Ask Mr. Wizard

Blending Yeast Strains


Tor Mckee • Hanford, California asks,

I am going to be making my first wheat beer and was thinking to try and step culture yeast from a bottle of really good hefeweizen. However, just in case I don’t culture up enough I am also going to use an American hefeweizen yeast strain.  I know that mixing yeast is OK to do, but what will happen exactly?  Will the yeast just share the sugars or will they blend to form a different strain of yeast all together?


I know that my conservative brewing advice probably irritates many readers and I am likely going to irritate you with my answer, so please take no offense.

So let me re-state your question. You have never brewed a wheat beer before, have nothing about your subsequent wheat beer to tweak and the first thing that jumps to mind is using the dregs from a really good bottle of hefeweizen to make a yeast starter. That’s an interesting idea . . . I suppose. But you need to keep in mind that many German hefeweizen brewers use lager yeast for bottle conditioning and many pasteurize their weizen before adding priming yeast and sugar or speise (wort). So it is possible to unknowingly culture lager yeast from the bottom of the bottle.

But you have a back-up plan; if all starts to go south you are prepared to add an American hefeweizen strain. I assume you mean a neutral ale strain used by American craft brewers to brew cloudy wheat beers without the phenolic, fruity notes associated with German weizen beers. If this were me, my back-up plan would be adding weizen yeast if the goal is to produce weizen. Many beers are fermented with mixed cultures and the result really depends on the cultures in the mixture. Since it is difficult to maintain a consistent mixed culture, most breweries prefer single strain yeast cultures for fermentation. Unless there is a really good reason for using a mixed culture, for example in beers that use a different strain for secondary fermentation, I agree with the modern and easy trend of single strain fermentation.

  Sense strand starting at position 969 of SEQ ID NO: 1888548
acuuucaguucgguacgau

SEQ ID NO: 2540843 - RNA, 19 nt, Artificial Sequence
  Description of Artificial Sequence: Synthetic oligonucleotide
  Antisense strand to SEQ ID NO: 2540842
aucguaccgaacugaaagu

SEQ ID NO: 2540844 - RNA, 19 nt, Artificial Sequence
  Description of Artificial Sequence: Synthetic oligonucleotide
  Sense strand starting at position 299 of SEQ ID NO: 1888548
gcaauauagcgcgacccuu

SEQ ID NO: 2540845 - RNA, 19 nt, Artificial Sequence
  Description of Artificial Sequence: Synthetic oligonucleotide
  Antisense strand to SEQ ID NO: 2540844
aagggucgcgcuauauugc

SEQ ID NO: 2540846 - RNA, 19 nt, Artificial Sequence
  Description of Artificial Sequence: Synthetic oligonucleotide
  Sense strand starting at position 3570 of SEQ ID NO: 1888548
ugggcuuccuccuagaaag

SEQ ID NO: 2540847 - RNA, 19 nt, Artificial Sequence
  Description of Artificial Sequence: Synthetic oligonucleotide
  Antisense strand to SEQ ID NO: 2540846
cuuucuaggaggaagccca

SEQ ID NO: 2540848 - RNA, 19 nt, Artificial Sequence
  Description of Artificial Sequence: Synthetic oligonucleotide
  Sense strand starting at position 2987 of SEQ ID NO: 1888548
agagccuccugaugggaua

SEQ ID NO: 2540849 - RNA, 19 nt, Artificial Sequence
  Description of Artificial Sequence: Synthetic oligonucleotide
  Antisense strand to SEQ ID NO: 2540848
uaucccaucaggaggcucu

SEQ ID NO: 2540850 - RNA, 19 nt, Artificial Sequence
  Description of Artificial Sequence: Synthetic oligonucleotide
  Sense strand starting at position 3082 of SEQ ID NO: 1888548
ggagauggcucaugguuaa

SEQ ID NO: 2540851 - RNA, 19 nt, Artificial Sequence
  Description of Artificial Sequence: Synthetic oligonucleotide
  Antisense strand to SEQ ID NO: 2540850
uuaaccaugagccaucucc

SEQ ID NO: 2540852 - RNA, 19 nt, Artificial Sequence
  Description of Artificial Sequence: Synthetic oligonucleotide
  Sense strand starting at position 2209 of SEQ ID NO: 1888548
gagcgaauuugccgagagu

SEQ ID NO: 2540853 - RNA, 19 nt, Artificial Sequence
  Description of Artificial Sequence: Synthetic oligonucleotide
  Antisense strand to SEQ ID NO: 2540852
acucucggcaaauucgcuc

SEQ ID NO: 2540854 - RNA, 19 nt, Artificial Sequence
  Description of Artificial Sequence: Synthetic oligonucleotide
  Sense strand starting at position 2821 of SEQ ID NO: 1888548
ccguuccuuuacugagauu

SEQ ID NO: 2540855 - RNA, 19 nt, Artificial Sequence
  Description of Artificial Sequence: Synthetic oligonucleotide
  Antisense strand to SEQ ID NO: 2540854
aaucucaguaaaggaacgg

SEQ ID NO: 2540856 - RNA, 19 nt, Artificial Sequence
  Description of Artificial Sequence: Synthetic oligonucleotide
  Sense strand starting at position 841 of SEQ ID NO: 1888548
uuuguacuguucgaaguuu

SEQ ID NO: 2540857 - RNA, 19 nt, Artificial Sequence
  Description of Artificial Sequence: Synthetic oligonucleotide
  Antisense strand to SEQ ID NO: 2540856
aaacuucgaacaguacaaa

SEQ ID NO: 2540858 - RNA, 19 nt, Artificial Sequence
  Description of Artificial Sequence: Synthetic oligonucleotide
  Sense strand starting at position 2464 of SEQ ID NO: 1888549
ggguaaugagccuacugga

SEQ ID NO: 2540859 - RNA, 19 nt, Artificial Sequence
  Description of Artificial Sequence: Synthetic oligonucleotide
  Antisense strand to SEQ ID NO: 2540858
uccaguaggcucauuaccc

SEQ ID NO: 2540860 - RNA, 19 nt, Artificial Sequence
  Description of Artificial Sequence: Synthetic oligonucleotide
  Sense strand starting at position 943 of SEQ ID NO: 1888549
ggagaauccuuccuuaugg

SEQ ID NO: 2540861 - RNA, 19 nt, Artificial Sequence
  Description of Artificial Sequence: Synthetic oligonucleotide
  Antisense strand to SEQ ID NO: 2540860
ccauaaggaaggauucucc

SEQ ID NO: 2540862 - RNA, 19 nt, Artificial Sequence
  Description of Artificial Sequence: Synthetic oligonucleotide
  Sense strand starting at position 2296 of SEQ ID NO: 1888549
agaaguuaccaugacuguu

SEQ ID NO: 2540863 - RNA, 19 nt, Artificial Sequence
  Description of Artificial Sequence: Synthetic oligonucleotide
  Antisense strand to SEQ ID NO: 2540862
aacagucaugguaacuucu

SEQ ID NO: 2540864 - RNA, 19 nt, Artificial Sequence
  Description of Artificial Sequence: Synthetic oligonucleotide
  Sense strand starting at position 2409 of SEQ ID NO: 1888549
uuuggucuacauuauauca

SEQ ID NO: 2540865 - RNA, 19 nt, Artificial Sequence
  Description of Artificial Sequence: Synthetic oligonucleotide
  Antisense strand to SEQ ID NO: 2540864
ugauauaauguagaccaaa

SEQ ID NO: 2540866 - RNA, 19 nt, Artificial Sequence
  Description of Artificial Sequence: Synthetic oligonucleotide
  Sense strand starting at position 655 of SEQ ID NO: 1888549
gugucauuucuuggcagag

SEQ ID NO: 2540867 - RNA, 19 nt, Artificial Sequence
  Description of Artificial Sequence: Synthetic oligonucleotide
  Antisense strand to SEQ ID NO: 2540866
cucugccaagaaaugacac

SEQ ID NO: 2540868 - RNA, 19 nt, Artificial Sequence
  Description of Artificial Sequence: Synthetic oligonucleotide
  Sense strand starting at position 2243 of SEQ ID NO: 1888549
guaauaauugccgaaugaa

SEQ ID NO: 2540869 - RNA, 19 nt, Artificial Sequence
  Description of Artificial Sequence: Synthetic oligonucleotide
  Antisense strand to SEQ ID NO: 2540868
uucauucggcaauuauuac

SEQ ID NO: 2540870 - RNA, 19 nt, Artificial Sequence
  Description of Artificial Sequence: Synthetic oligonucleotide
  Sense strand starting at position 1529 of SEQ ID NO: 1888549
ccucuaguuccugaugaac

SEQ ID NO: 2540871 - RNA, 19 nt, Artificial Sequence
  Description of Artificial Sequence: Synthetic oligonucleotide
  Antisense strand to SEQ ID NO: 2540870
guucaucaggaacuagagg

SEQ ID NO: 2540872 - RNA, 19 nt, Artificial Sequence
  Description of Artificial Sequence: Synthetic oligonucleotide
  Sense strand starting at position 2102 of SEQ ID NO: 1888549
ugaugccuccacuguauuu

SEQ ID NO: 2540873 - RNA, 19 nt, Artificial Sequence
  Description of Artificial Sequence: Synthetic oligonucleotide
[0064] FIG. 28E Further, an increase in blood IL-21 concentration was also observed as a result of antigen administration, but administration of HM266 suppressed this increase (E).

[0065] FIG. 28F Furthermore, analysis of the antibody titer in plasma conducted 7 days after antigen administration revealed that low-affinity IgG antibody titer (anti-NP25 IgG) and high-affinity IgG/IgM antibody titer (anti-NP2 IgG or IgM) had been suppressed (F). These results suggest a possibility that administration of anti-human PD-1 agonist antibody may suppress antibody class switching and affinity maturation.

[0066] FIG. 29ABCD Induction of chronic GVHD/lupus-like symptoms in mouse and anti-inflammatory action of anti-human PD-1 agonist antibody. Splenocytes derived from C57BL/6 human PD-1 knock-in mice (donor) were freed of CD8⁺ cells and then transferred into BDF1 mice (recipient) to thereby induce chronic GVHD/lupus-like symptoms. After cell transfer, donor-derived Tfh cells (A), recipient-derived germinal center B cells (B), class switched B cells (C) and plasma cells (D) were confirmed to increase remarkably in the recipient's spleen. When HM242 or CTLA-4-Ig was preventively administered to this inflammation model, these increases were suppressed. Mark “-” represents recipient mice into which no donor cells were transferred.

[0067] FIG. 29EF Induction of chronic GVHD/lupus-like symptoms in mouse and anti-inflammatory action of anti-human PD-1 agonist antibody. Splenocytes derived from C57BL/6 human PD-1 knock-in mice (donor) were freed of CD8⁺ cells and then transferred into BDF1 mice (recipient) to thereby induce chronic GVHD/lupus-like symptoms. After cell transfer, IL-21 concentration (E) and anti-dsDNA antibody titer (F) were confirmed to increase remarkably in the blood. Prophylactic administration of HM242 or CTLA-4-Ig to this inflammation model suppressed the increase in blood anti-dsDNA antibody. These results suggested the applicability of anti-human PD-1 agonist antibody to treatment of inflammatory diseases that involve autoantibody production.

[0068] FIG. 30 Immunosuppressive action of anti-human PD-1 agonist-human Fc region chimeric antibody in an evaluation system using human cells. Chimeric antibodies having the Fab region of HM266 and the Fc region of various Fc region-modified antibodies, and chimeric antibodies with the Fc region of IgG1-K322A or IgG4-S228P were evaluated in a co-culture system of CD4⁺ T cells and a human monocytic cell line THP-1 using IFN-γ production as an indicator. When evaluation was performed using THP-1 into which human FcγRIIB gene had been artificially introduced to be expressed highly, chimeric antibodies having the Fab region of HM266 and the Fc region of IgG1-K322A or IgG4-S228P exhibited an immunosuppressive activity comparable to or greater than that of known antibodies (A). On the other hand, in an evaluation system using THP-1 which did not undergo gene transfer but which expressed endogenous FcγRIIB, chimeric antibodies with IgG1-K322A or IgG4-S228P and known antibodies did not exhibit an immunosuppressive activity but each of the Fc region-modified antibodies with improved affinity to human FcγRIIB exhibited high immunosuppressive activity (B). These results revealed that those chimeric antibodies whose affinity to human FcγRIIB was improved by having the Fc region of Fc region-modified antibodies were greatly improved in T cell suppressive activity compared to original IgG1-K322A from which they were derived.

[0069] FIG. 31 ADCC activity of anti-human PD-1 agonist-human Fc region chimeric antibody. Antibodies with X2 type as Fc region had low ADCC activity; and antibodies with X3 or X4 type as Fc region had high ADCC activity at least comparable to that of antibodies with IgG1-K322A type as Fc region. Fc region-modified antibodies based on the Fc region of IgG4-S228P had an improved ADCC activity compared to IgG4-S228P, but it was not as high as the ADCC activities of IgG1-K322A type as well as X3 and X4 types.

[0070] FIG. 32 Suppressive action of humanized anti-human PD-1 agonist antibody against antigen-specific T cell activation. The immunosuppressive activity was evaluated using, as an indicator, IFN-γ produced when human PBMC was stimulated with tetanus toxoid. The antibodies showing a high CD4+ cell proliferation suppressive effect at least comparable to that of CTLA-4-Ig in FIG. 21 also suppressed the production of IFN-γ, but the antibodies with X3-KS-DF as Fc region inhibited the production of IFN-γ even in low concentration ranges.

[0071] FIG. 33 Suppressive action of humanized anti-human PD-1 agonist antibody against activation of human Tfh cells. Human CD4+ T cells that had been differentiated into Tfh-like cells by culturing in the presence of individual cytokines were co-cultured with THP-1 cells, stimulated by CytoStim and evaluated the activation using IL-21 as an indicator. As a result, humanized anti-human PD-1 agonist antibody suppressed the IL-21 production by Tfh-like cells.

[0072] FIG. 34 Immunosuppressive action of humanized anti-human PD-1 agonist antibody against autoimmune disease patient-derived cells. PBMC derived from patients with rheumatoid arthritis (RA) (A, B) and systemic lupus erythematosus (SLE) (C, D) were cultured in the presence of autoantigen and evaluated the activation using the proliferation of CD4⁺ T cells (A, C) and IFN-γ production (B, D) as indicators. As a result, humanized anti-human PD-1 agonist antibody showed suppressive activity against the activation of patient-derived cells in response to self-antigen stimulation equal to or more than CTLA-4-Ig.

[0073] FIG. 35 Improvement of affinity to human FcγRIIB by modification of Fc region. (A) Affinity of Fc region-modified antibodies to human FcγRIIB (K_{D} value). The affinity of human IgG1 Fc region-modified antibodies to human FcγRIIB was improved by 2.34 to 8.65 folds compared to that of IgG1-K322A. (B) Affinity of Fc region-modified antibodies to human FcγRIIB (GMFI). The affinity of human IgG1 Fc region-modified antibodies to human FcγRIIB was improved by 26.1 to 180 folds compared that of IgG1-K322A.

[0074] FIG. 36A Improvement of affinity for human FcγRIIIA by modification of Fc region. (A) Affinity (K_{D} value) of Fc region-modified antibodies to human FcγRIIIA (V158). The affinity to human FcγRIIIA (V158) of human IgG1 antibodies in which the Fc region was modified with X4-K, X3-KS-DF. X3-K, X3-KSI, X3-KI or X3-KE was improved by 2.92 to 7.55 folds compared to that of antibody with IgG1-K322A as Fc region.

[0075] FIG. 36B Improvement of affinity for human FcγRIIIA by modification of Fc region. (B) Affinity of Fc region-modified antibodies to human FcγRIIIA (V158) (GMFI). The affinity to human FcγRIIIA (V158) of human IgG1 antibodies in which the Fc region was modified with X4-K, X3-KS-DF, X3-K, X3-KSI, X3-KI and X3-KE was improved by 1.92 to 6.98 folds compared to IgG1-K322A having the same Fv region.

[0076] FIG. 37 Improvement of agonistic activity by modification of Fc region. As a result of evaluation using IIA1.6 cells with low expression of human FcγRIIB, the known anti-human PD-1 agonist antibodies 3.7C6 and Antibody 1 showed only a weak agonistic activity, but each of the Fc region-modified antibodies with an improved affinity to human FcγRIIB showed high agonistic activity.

When I was a student at UC-Davis I decided to do something very similar to your plan for my first attempt at brewing Belgian-style ale. I bought a 750 mL bottle of Chimay, brought it back to the brewing lab and proceeded to streak the sediment from the bottle onto a Petri dish. I logically wanted to isolate the magic Chimay yeast strain from the source. After step one was complete, I propagated yeast from a single colony and anxiously prepared for the big brewing day. What followed was intense disappointment; the beer was so phenolic that the only thing it was good for was to use it as a standard for medicinal in tastings.

Here is my advice to you. Begin your wheat beer brewing career using a known yeast strain. Select it based on some sort of expectation. We brew a pretty tasty hefeweizen at Springfield Brewing Company using White Labs WLP380 Hefe Weizen IV. I like this yeast because it has more clove aromas in the nose than banana. We also brew a pretty tasty American wheat beer that has been our best seller since we opened in 1997. This beer is brewed using White Labs WLP001. Both of these beers are very clean and have short, healthy primary fermentations that are over in about three days. The only way to consistently have these types of fermentation cycles is to use good yeast.

Cut your teeth with a recipe for success and then venture outside of the box once you know what you are seeking from the bottom of that bottle of weizen from across the pond. Otherwise, you really have no idea where your journey may lead!

Response by Ashton Lewis.